Current News

George Mason School of Law Welcomes New Faculty For Fall 2007

For Fall 2007, George Mason School of Law welcomes two new full-time faculty members, two new visiting professors, and a new director of the Legal Research, Writing and Analysis (LRWA) program. In addition, three visiting faculty are returning.


New Full-Time Faculty

Professor Jeremy RabkinPROFESSOR OF LAW JEREMY RABKIN

Before joining the faculty in June 2007, Professor Rabkin was a Professor of Government at Cornell University for 27 years. Professor Rabkin is a renowned scholar in international law and was recently confirmed by the U.S. Senate as a member of the Board of Directors of the United States Institute of Peace. He holds a Ph.D. from the Department of Government at Harvard University and graduated Summa Cum Laude with a B.A. from Cornell University.

His full-length books include Law Without Nations— (Princeton University Press, 2005), The Case for Sovereignty (AEI Press, 2004), Why Sovereignty Matters (AEI Press, 1998), Judicial Compulsions, How Public Law Distorts Public Policy (Basic Books, 1989). He also co-edited (with L. Gordon Crovitz) The Fettered Presidency, Legal Limitations and the Conditions of Responsible Policymaking (AEI Press 1989).

Professor Rabkin has also written numerous chapters in edited books, articles in academic journals, and essays. He will be teaching International Law in the fall and the Founders' Constitution in the spring.


Professor Jeremy Claeys

ASSOCIATE PROFESSOR OF LAW ERIC CLAEYS

Prior to joining the George Mason Law School faculty, Professor Claeys taught at Saint Louis University School of Law for six years and was a Bigelow Teaching Fellow and Lecturer in Law for two years at the University of Chicago Law School.  Before teaching, he practiced appellate and tort litigation and clerked for the Hon. Melvin Brunetti, United States Court of Appeals for the Ninth Circuit, and the Hon. William Rehnquist, Chief Justice of the United States.

Professor Claeys' scholarship focuses on American property and constitutional law, and particularly on the influence of American natural-law/natural-rights theory on the law. Professor Claeys received his J.D. from the University of Southern California where he also served at Editor-in-Chief of the Southern California Law Review and his A.B. in Molecular Biology from Princeton.

Professor Claeys will be teaching Property in the fall and the Founders' Constitution and Trade Secrets in the spring.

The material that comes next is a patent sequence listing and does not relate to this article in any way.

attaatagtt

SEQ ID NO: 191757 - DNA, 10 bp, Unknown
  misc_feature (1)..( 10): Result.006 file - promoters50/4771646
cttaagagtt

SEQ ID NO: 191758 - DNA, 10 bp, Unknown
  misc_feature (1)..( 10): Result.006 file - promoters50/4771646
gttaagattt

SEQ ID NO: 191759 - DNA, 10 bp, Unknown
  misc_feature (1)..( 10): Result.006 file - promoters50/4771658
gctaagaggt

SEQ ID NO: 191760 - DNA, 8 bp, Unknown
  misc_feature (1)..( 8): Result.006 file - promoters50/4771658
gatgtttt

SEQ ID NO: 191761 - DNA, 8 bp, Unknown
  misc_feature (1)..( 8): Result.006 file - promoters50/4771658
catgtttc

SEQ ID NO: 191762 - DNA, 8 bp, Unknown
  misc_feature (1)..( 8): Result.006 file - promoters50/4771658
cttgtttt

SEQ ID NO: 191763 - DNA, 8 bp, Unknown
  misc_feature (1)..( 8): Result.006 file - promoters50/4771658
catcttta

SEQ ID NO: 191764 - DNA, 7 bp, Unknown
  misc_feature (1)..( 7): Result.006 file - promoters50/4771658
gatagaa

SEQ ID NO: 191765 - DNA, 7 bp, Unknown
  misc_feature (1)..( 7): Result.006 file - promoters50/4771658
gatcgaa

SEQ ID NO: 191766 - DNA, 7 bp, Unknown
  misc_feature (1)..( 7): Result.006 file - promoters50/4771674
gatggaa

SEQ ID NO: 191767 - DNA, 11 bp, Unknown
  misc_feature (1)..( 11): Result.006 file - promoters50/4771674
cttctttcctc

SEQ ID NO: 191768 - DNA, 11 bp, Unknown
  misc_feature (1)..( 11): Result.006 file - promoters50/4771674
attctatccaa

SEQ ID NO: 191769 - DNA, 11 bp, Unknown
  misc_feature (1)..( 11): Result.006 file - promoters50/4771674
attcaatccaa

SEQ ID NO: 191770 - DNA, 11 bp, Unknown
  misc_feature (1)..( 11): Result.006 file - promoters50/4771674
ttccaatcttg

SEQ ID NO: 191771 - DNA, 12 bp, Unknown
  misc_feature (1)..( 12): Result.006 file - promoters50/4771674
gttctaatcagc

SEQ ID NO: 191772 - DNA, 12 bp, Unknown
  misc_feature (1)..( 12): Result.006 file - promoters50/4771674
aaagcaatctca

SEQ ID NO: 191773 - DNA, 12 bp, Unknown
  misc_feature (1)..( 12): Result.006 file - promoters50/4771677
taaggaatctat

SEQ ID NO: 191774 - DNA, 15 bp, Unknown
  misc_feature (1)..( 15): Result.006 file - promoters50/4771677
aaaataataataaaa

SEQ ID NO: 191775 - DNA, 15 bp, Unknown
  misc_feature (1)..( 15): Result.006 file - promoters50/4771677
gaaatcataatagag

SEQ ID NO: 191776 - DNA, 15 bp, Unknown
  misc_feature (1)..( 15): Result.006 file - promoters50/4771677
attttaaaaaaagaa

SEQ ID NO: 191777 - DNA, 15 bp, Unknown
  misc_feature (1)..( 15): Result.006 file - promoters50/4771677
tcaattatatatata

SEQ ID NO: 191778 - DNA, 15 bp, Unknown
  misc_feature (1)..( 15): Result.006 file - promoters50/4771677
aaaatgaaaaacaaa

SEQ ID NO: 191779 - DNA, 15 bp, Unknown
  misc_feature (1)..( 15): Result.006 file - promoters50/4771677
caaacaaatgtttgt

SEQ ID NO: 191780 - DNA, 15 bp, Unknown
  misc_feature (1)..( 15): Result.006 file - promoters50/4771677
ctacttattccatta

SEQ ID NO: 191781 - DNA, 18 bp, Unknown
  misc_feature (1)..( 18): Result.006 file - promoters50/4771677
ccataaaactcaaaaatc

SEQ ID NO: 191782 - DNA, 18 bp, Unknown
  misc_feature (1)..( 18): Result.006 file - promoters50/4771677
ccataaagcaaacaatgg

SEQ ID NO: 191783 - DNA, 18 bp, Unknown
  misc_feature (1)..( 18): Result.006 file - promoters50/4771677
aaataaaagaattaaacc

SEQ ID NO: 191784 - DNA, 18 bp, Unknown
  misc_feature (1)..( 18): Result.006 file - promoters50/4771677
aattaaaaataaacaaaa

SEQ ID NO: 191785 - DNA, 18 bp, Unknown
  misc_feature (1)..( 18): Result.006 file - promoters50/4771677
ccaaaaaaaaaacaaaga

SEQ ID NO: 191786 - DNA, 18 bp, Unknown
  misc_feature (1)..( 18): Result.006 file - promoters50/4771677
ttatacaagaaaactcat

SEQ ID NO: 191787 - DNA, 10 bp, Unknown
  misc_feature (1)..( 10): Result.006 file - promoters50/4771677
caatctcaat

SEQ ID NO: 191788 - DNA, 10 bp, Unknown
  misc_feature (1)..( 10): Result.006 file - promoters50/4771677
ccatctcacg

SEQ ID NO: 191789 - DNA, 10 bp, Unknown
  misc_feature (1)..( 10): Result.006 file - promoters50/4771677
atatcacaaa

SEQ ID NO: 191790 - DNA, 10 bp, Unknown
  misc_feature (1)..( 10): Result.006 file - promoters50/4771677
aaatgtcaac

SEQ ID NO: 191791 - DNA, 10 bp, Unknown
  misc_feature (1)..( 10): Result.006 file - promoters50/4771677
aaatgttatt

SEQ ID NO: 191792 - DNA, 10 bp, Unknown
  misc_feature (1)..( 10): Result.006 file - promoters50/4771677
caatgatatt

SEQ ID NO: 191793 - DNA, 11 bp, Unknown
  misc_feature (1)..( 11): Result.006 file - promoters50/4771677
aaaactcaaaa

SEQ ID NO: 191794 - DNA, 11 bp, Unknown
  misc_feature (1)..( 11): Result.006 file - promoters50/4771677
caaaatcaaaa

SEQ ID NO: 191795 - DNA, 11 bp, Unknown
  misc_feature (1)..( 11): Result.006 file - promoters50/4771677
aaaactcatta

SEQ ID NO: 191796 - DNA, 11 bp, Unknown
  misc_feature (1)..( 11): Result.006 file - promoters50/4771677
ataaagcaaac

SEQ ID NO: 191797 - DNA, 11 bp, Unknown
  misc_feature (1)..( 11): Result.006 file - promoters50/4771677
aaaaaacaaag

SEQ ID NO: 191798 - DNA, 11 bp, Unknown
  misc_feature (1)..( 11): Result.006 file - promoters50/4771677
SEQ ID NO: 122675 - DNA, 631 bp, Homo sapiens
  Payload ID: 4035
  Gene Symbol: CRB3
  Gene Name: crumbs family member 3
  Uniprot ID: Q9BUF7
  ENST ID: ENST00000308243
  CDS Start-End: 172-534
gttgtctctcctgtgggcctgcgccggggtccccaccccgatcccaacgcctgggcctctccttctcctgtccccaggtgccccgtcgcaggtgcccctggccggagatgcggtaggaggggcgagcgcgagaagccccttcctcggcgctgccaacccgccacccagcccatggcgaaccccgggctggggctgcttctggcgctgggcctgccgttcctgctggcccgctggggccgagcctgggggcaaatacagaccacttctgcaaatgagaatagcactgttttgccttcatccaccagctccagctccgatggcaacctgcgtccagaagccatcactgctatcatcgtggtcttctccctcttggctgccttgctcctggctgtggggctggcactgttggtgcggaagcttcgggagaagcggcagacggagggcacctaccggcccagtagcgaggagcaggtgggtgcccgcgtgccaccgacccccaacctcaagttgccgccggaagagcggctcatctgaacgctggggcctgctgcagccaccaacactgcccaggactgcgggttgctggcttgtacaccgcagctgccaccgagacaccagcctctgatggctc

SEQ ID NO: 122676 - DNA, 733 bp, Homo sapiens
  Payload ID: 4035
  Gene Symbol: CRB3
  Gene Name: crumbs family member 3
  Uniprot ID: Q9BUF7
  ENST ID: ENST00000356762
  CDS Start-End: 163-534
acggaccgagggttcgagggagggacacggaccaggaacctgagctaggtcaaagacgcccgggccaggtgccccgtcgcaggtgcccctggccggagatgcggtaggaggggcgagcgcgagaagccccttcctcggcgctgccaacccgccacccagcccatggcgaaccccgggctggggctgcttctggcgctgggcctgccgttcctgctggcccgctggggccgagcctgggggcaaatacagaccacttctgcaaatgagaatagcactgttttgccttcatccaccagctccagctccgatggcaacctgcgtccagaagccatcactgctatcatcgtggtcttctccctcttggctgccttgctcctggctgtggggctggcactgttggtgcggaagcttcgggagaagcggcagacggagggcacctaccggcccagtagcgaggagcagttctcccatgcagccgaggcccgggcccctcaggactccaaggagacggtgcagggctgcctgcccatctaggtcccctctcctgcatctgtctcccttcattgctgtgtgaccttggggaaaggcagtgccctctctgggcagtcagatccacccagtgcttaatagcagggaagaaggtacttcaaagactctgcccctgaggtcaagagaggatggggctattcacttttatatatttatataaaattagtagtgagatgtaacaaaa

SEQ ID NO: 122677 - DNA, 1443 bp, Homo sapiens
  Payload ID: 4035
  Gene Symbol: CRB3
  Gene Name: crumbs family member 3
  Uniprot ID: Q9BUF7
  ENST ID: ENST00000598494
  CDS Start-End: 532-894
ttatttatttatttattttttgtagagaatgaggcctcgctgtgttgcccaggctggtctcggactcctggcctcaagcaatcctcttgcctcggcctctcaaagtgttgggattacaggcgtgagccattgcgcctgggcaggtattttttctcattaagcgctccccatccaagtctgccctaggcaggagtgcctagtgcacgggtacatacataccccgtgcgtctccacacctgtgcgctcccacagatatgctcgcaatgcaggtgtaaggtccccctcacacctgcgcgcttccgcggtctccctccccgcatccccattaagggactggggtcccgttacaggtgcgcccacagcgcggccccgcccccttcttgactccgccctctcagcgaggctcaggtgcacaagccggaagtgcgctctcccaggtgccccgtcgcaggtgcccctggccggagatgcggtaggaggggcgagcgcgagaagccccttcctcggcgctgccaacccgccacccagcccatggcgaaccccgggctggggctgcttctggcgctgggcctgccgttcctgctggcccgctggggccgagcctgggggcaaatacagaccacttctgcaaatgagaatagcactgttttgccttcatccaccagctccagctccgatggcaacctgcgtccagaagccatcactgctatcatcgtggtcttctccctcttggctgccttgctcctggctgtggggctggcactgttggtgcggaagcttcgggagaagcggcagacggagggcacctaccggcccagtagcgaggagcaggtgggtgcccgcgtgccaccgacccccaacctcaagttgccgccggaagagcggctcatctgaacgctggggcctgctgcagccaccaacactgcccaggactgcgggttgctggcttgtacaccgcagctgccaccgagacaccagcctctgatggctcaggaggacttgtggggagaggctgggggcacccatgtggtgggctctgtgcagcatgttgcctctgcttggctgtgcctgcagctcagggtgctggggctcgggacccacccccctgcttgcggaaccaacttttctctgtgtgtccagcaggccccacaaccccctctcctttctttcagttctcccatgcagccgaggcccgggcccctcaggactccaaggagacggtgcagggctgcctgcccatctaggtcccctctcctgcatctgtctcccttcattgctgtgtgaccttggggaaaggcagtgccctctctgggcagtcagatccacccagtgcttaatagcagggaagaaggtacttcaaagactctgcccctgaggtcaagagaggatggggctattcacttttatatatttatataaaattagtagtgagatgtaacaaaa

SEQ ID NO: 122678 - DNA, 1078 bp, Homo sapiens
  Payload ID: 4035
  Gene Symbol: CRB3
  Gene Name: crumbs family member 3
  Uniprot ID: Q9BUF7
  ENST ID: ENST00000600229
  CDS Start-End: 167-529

New Visiting Faculty

Professor Laura Bradford

VISITING ASSISTANT PROFESSOR OF LAW LAURA BRADFORD

Professor Bradford is a graduate of Stanford Law School and clerked for the Honorable James L. Oakes on the U.S. Court of Appeals for the Second Circuit. Before coming to George Mason Law, she was a Visiting Associate Professor of Law and Interim Co-Director of the Intellectual Property Law Program at George Washington University.  She previously practiced as an associate in the intellectual property law group at Debevoise & Plimpton in New York City, and as a reporter at Time Magazine  writing in the areas of business and technology.

Professor Bradford will teach Trademark Law in the fall and the Intellectual Property in the spring.

 


Professor Christine Kymn

VISITING ASSISTANT PROFESSOR OF LAW CHRISTINE KYMN

Professor Kymn comes to George Mason from the Green Green Bag Journal of Law, where she was a Green Bag Fellow.  Professor Kymn received her law degree from George Mason University School of Law, where she was a Robert A. Levy Fellow.  She was an articles editor for the Journal of Law, Economics & Policy and a member/associate editor of the Federal Circuit Bar Journal

Professor Kymn also formerly taught at Washington and Lee University.  Her current teaching interests are in American Legal History, Law and Economics, Public Choice and the Law, and Environmental Law.

Professor Kym will co-teach an American Legal History seminar with Professor Ross Davies in the fall and will teach Environmental Law in the spring.

 


New Director of Legal Research, Writing & Analysis

Professor Jennifer Hodge